Monday, August 9, 2010

Inquiry XVI: Stephen Swinburne

This busy Monday we are excited to welcome Children's Book Author, Stephen Swinburne.

Steve was born in London, England. When he was 8, he left England with his family and sailed on the Queen Elizabeth to New York City.

Steve holds a bachelor of arts degree in biology and English from Castleton State College, Vt. He has worked as ranger in a number of national parks.

He loves to travel and observe nature and wildlife. A safari in Africa, hiking in Scotland, monitoring sea turtles on a Georgia island, a winter trek through Yellowstone and watching shorebirds in New York have all led to book projects.

Steve is the author of Wiff and Dirty George, Ocean Soup, Whose Shoes, Armadilo Trail, and A Butterfly Grows, just to name a few! He lives in South Londonderry, Vermont, with his wife Heather and daughters Hayley and Devon.

EEM: Did you always want to be a writer?

SRS: No I wanted to be an adventurer, a marine biologist, and then in my teens, a rock star. I love being a writer but I still think a rock star would be pretty cool.

EEM: When you began writing, was it instant success and riches or did you find you had to work other jobs in order to continue your dream of being a writer?

SRS: It was NOT instant success. Even after my first book was published, it took many many years to achieve any name recognition. I have over 25 books published and I wish I had a nickel for every librarian who says, “I’ve never heard of you but it’s great to discover your books.”

EEM: What jobs have you held, current or in the past, to help sustain your writing career?

I’ve worn lots of different shoes in the many jobs I’ve had in my life. I found my first job when I was nine years old. I wore old sneakers as a newspaper delivery boy. On Saturday and Sunday mornings, I’d wake early to roll up the newspapers, stuff them in my bicycle basket, and then ride around the neighborhood at breakneck speed. I’d throw the papers at people’s houses, hoping not to break any windows.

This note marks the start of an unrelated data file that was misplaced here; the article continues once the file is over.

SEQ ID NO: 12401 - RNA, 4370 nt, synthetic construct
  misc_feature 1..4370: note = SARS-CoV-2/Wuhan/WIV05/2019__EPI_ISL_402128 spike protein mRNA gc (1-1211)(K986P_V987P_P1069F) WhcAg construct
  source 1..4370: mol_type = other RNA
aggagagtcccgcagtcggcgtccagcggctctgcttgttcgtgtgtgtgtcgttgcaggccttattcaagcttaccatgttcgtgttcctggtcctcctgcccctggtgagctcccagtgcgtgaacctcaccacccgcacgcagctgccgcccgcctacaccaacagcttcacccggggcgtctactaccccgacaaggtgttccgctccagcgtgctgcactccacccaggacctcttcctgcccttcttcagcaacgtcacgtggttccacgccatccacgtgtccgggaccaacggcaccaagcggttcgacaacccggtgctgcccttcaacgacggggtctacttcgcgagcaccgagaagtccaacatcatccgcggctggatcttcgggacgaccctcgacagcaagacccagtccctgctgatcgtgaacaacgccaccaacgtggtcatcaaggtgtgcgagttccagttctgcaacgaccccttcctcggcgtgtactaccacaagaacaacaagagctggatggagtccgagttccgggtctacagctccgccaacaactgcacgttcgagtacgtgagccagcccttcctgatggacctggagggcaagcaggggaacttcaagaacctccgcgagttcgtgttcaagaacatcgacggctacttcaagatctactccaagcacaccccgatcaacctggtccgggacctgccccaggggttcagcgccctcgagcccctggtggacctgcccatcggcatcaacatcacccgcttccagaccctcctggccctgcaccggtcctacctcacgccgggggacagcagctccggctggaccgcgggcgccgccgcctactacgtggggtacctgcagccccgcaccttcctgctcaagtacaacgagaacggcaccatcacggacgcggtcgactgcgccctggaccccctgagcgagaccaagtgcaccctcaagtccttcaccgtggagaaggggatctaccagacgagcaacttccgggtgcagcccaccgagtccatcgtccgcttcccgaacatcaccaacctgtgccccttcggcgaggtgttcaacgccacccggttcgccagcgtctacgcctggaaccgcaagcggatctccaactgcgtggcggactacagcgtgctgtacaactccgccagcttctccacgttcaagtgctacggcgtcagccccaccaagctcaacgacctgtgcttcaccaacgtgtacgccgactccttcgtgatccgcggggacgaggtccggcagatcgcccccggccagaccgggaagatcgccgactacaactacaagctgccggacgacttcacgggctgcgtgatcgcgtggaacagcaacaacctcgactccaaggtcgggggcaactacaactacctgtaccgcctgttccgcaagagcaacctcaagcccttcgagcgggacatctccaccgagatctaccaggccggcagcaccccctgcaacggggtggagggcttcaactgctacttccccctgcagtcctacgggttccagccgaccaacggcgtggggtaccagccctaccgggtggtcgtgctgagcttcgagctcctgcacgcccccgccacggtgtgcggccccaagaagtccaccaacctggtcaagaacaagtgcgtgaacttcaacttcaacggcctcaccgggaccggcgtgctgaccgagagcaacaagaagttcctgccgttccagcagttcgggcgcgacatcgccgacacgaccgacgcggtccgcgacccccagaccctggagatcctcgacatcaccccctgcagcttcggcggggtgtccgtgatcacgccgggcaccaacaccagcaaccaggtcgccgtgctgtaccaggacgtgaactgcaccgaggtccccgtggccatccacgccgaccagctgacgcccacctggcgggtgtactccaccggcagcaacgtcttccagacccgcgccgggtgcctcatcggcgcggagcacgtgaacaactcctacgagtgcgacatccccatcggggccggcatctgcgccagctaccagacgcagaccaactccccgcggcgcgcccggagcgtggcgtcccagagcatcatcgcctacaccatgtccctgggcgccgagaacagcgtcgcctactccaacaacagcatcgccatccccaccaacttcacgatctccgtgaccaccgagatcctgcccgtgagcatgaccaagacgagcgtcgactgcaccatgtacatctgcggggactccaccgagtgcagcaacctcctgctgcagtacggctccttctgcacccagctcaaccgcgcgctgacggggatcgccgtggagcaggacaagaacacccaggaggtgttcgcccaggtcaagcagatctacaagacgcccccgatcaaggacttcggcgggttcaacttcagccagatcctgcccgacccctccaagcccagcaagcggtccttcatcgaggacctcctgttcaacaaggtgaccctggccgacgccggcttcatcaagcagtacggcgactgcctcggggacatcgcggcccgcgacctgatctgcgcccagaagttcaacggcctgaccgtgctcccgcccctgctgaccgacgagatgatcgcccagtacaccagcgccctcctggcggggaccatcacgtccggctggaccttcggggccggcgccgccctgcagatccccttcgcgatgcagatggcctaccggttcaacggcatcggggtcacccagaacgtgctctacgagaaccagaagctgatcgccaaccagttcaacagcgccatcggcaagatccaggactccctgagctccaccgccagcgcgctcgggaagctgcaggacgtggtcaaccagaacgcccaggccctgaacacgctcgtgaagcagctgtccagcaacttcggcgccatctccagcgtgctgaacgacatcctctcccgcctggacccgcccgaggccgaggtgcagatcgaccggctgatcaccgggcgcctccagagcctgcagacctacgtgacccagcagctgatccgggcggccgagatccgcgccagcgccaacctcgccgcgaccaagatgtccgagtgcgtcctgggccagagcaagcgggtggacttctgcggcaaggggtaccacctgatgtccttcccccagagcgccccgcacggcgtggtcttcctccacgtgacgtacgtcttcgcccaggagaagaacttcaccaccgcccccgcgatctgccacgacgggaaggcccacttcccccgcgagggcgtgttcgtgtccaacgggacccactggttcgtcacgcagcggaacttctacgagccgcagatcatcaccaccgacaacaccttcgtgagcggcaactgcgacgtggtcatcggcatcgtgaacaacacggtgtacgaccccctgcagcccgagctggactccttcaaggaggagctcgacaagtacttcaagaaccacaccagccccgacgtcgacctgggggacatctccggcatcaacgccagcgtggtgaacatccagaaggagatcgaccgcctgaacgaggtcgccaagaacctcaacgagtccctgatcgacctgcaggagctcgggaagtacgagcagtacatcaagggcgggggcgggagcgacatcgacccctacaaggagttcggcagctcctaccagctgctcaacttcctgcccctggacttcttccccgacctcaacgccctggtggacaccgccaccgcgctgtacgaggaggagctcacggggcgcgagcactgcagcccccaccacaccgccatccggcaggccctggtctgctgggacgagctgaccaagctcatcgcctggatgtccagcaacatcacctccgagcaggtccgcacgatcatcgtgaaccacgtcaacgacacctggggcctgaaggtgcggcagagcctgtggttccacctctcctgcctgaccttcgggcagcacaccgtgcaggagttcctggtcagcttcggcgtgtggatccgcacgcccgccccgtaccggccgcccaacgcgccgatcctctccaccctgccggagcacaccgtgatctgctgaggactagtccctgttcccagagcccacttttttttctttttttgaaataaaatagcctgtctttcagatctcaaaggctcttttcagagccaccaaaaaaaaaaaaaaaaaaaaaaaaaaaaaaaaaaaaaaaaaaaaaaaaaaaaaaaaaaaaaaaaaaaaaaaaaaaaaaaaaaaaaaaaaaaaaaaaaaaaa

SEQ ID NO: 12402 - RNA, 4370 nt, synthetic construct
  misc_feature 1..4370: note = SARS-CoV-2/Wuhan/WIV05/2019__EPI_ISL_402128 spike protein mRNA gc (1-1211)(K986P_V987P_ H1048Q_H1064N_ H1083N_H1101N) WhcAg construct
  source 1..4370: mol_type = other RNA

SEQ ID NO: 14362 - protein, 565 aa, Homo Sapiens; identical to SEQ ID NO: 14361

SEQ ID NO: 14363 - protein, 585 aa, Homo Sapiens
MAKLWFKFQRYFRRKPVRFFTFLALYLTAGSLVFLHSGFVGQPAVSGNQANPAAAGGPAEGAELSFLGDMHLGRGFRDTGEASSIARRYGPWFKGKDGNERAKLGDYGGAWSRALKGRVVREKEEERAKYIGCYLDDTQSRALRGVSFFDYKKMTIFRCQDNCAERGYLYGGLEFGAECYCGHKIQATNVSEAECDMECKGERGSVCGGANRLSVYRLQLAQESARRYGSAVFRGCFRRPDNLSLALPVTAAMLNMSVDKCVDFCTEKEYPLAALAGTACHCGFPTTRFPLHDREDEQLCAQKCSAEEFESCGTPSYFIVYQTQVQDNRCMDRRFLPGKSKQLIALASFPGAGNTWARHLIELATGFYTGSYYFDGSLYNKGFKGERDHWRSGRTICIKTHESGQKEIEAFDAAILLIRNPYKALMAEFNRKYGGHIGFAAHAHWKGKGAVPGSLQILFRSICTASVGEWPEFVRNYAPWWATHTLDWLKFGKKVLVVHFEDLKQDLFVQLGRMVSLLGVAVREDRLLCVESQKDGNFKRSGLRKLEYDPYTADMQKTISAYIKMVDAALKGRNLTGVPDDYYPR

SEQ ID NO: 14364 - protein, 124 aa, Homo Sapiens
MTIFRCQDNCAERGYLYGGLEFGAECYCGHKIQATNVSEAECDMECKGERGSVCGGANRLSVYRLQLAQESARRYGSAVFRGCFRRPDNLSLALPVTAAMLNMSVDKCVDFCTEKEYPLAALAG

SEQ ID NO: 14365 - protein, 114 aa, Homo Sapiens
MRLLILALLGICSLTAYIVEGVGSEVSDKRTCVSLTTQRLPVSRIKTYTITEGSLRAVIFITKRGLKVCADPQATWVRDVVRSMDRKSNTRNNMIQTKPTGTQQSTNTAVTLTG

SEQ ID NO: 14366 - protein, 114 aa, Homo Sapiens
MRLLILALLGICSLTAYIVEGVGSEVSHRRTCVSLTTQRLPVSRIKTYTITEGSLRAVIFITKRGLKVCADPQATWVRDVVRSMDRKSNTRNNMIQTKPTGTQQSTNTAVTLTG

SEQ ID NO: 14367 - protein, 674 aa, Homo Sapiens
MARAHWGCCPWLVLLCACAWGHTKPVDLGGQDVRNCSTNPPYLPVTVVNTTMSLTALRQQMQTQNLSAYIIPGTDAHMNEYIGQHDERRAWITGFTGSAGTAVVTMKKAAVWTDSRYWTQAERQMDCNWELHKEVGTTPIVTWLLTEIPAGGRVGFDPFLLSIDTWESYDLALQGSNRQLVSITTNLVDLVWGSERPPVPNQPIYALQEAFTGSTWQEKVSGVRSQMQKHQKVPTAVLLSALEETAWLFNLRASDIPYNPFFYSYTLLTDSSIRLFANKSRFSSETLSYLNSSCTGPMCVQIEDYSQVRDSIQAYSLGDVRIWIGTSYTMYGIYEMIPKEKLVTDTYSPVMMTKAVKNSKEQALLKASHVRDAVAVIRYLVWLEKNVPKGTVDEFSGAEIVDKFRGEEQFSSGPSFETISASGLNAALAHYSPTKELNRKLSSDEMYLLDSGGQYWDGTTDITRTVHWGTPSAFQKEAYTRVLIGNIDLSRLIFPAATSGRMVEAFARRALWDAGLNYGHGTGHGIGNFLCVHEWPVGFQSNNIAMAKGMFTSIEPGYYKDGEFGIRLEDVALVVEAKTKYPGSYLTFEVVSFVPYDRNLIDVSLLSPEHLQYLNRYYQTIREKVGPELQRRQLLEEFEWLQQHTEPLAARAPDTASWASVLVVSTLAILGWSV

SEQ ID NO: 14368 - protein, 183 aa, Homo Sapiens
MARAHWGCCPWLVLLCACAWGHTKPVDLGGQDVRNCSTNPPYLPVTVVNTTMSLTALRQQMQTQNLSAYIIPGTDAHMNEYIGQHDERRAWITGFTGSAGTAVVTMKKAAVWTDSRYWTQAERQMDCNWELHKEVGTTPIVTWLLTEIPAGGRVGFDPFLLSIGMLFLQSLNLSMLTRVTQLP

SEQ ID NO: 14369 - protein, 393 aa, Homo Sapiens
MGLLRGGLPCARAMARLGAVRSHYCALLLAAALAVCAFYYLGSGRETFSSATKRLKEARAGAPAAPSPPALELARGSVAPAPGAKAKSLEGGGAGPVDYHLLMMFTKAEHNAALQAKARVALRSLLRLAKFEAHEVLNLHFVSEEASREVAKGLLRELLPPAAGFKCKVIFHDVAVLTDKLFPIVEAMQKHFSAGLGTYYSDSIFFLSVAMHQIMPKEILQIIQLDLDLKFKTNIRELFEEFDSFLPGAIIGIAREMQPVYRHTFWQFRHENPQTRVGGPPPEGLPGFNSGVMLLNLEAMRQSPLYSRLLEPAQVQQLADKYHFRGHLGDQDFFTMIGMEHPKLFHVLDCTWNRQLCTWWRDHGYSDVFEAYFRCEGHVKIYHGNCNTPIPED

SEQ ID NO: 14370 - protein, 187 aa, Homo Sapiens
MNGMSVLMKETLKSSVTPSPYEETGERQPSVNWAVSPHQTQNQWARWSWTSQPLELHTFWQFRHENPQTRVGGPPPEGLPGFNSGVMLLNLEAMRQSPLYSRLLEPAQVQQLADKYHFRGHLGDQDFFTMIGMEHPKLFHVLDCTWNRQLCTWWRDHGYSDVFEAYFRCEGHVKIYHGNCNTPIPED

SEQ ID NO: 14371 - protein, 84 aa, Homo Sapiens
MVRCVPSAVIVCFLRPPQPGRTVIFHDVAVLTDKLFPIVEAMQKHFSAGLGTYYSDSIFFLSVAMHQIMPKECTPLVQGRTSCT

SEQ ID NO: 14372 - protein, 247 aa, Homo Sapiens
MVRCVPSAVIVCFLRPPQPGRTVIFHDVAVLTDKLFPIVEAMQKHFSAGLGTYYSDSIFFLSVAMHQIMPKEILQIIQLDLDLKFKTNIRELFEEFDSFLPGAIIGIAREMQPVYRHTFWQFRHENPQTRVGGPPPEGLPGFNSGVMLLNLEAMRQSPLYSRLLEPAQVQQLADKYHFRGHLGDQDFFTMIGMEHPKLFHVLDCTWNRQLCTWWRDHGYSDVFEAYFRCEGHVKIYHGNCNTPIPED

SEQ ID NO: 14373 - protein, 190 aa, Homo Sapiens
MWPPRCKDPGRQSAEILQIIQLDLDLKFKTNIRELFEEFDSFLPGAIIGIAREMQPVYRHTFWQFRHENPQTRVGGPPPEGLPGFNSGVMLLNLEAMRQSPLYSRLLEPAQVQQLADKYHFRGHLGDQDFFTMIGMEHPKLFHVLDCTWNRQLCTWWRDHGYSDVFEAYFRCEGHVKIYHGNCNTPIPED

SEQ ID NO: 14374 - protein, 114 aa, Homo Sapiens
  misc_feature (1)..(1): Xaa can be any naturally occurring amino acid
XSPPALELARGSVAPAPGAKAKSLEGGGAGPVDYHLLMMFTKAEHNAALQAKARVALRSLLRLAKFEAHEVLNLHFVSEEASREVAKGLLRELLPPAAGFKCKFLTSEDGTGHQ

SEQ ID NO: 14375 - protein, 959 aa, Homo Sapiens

I wore grimy sneakers as a dishwasher, new sneakers as a busboy, and black shoes as a waiter. I yanked on hard-tipped boots when I drove trucks and laced up high-top sneakers when I made pizzas. I climbed ladders and painted houses in tattered running shoes. I gardened in sandals. Playing drums in a rock band, I wore cool-looking, pointy-tipped black and red slip-ons. When I was a National Park Service ranger, I wore sturdy hiking boots. When I helped sail boats, I wore deck shoes. In the years that I labored in an office brown wing tips adorned my feet.
Now I write for a living, and I wear whatever I feel like wearing on my feet. Some days I sit at my desk in slippers, and some days I wear wool socks. My feet might have flip-flops on or moccasins or nothing at all. No matter what my feet are wearing, they are always happiest when they are under my desk while I’m writing books.

One of the jobs that helped pay the bills and gave me a chance to write was photographer. If you can handle a camera and take photos, so many opportunities open up to you.

EEM: Which job was the most challenging or strange to you?

SRS: Working in the corporate world was a real challenge. I once had a job as a manager of financial and employee communications at an electric utility company. I managed to keep that job for over 7 years and never once felt like I was an electric utility employee. My head was always in children’s books.

EEM: Did your day job(s) allow you to write regularly? Or did you have to get creative to get those word counts in? What other effects did it have on your writing?

SRS: Once I was a waiter at the London Business School of Economics. I’d write poems on the scraps of paper I was meant to write orders on. You can always find time to write, if you want to. Get up early. Stay up late. Miss an hour of TV. Carve out an hour to write. Do it every day. Read Annie Lamott’s Bird by Bird, a great book on writing.

EEM: Have you ever based a loved protagonist or an evil villain on one of your co-workers? Wished you had?

SRS: No and No.

EEM: What are you working on now and is the process any easier than your first work?? If so, in what capacity (people noticing it, the writing itself, the confidence?)

SRS: I am writing a sequel to my first mid grade novel, Wiff and Dirty George. The Z.E.B.R.A Incident (Boyd Mills Press, Spring 2010). As this was my first novel after writing over 20 nonfiction titles, I’d say I’m still a newbie at novel writing. I love the challenge of developing characters and setting them on a journey and bringing them back. One of my favorite novels is The Hobbit. What a beautiful arc to the story.

EEM: Would you change anything if you could begin your writing journey over again?

SRS: I'd Begin writing my novels sooner in my writing career. Please check out my websites:

EEM: Thank you, Steve! And everyone else, have a good week.

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